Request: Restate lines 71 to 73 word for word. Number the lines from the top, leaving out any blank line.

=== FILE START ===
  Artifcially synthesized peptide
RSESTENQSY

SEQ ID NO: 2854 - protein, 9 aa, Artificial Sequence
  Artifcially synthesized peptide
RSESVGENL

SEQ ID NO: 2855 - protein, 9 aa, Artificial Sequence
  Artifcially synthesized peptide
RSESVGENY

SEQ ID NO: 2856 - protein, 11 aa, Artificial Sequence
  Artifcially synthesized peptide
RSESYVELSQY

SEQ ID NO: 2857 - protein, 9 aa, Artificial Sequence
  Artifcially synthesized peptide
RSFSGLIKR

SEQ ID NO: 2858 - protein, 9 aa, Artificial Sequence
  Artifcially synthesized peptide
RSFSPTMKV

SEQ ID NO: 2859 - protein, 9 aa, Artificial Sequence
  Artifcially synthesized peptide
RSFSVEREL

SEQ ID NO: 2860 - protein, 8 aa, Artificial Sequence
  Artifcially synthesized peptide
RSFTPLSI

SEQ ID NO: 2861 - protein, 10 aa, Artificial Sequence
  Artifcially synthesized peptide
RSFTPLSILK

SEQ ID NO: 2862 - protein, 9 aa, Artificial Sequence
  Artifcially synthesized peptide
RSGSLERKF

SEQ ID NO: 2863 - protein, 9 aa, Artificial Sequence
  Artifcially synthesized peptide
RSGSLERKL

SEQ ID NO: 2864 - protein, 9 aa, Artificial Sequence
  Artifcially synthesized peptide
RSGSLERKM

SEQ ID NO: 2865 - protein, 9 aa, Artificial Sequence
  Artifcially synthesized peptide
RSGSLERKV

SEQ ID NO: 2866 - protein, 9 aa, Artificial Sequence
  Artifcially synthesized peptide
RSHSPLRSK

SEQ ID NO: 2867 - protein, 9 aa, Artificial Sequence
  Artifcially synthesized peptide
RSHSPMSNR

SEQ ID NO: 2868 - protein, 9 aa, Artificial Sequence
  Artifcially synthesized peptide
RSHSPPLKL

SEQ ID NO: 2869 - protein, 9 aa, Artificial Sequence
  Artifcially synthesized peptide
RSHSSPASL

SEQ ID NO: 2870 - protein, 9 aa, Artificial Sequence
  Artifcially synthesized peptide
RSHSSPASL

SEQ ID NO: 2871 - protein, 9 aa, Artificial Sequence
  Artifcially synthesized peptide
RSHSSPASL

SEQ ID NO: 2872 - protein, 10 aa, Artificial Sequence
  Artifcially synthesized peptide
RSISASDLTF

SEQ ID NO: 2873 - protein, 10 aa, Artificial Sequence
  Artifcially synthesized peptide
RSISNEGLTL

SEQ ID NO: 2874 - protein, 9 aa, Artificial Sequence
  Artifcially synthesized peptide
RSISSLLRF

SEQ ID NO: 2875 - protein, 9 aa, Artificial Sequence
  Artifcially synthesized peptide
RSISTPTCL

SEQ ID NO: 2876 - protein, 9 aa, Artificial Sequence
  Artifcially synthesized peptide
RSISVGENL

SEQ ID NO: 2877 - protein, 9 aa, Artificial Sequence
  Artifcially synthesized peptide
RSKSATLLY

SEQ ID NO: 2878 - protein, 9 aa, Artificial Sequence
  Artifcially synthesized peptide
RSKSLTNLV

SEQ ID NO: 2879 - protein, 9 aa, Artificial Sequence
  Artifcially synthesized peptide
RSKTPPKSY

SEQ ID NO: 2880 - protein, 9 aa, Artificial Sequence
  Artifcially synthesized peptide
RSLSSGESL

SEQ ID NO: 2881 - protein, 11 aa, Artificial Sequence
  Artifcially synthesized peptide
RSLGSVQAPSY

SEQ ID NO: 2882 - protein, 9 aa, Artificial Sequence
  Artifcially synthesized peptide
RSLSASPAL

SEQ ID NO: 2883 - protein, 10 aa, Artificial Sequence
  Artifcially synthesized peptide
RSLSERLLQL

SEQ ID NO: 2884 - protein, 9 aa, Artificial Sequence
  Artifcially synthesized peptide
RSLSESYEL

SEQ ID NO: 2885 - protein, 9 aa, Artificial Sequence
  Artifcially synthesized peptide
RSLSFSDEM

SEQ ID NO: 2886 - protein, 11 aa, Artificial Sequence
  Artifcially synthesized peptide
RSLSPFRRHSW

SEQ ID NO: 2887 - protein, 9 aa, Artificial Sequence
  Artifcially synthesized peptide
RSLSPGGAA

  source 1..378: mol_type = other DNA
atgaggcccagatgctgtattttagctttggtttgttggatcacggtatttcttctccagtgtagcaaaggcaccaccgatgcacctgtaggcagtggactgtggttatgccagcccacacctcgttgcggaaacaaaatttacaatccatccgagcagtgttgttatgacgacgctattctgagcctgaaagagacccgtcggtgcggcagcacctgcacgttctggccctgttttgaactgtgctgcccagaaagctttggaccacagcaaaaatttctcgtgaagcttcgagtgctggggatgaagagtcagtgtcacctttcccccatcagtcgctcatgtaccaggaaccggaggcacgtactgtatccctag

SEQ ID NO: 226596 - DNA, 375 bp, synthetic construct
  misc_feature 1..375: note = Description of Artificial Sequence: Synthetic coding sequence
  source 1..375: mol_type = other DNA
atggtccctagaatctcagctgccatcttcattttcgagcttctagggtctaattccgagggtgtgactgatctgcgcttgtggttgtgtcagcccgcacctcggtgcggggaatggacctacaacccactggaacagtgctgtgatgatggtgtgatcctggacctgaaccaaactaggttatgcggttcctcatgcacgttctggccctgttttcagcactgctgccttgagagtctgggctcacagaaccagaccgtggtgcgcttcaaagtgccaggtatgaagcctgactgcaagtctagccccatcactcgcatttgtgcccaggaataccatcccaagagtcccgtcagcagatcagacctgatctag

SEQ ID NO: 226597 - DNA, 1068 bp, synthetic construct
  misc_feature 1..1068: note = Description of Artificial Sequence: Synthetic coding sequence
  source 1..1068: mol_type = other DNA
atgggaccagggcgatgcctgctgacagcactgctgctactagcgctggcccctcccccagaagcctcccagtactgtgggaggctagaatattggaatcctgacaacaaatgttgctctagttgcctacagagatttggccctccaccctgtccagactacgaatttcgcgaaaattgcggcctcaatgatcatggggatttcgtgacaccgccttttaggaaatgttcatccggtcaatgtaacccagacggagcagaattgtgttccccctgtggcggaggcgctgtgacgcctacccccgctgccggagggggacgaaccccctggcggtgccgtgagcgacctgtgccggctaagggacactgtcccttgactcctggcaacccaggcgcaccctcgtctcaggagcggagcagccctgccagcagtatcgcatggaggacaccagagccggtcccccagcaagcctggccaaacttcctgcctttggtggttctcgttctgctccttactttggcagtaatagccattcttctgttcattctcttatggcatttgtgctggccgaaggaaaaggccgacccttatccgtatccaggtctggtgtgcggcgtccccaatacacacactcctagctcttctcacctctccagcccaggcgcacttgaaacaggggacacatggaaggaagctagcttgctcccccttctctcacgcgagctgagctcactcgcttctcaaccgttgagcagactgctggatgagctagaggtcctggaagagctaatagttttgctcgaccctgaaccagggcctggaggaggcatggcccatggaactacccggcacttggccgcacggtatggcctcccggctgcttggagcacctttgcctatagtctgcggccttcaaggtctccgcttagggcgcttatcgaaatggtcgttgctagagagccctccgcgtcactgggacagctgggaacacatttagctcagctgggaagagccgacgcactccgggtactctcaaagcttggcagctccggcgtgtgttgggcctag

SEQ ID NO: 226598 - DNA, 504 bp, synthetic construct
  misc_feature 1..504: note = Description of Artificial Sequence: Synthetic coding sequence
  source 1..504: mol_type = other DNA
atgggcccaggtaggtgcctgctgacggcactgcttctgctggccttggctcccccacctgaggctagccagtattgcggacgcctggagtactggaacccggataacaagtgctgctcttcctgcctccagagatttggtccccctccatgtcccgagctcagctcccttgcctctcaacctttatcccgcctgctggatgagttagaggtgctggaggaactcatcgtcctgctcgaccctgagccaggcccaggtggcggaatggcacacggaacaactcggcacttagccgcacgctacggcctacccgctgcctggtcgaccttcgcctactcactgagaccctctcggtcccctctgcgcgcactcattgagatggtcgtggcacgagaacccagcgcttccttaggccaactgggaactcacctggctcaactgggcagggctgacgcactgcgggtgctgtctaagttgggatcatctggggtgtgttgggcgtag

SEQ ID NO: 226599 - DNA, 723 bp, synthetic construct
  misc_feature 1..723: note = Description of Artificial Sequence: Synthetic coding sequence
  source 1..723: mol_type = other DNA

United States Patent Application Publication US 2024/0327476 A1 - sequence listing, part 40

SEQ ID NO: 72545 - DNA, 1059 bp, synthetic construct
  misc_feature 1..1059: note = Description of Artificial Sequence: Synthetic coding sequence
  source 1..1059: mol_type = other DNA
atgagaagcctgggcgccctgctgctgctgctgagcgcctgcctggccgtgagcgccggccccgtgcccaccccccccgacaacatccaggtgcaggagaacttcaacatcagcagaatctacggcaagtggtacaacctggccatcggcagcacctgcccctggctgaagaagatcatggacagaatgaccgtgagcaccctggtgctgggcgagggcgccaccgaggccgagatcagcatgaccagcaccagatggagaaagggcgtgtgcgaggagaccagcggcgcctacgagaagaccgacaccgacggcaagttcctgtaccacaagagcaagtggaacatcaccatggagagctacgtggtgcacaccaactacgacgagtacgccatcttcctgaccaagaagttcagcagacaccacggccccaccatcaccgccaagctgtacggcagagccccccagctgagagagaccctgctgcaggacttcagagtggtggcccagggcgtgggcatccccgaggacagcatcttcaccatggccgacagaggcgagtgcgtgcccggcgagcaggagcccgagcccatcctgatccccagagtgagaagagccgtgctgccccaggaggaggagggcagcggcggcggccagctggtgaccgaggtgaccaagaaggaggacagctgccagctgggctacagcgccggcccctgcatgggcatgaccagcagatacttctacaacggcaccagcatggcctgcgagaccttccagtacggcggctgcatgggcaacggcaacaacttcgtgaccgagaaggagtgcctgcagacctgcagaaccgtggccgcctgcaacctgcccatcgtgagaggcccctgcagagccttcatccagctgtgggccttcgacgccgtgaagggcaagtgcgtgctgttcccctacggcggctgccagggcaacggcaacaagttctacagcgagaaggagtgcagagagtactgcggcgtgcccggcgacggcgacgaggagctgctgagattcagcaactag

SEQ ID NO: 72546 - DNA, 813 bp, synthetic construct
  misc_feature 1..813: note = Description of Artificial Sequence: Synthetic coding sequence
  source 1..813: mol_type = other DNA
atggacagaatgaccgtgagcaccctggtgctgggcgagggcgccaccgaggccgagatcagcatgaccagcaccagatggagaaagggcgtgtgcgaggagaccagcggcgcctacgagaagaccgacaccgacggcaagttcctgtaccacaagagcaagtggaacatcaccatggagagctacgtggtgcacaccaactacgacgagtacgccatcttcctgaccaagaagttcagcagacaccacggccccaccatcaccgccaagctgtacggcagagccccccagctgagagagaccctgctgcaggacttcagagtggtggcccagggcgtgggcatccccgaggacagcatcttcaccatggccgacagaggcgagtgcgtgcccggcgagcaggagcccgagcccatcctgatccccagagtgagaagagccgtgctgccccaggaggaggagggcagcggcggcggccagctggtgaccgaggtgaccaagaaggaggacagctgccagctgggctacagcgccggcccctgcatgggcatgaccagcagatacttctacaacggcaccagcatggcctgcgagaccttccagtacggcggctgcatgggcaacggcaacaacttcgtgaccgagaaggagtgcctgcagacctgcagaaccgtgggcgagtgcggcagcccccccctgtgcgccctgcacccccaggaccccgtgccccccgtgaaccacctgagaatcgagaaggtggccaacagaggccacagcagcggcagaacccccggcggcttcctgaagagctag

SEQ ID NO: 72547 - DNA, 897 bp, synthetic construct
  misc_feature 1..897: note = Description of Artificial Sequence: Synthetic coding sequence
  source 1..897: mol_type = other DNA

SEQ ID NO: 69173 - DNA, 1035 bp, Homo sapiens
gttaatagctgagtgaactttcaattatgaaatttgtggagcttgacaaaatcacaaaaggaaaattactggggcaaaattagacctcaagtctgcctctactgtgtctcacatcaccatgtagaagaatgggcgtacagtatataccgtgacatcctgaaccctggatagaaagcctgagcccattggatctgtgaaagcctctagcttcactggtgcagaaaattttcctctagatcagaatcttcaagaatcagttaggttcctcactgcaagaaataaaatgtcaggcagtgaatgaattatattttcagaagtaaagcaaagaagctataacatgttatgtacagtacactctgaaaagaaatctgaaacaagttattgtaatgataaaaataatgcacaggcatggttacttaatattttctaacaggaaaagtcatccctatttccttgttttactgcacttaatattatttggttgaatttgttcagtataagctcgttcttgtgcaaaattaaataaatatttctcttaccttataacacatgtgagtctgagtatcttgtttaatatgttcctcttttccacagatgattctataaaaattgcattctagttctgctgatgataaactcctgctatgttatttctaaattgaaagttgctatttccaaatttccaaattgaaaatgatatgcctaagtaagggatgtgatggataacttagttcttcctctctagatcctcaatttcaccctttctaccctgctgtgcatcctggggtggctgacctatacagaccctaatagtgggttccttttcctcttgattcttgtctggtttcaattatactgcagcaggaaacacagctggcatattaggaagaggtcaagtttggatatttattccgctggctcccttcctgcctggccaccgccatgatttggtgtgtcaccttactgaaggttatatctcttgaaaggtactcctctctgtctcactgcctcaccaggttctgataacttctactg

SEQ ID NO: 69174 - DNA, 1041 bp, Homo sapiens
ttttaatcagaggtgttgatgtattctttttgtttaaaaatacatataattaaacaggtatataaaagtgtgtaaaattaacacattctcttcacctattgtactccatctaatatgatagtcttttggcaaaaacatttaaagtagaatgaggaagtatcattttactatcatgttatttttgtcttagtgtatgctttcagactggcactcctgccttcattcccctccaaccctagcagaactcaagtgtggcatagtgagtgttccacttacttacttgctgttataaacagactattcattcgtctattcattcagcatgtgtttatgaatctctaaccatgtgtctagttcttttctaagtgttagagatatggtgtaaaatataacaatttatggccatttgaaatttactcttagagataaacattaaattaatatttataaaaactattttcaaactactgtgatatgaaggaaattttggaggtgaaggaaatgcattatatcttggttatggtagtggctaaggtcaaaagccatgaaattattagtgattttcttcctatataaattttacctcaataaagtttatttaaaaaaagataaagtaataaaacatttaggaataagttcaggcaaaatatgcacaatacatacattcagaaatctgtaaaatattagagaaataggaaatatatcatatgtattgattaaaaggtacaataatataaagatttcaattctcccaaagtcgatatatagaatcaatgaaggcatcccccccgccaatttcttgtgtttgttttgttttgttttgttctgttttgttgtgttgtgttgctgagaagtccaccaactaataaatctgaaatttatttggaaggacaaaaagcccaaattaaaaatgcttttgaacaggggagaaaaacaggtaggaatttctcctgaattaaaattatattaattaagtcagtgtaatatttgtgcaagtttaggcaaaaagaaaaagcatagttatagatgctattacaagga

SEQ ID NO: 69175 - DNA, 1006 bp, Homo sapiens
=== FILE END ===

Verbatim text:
RSISVGENL

SEQ ID NO: 2877 - protein, 9 aa, Artificial Sequence
  Artifcially synthesized peptide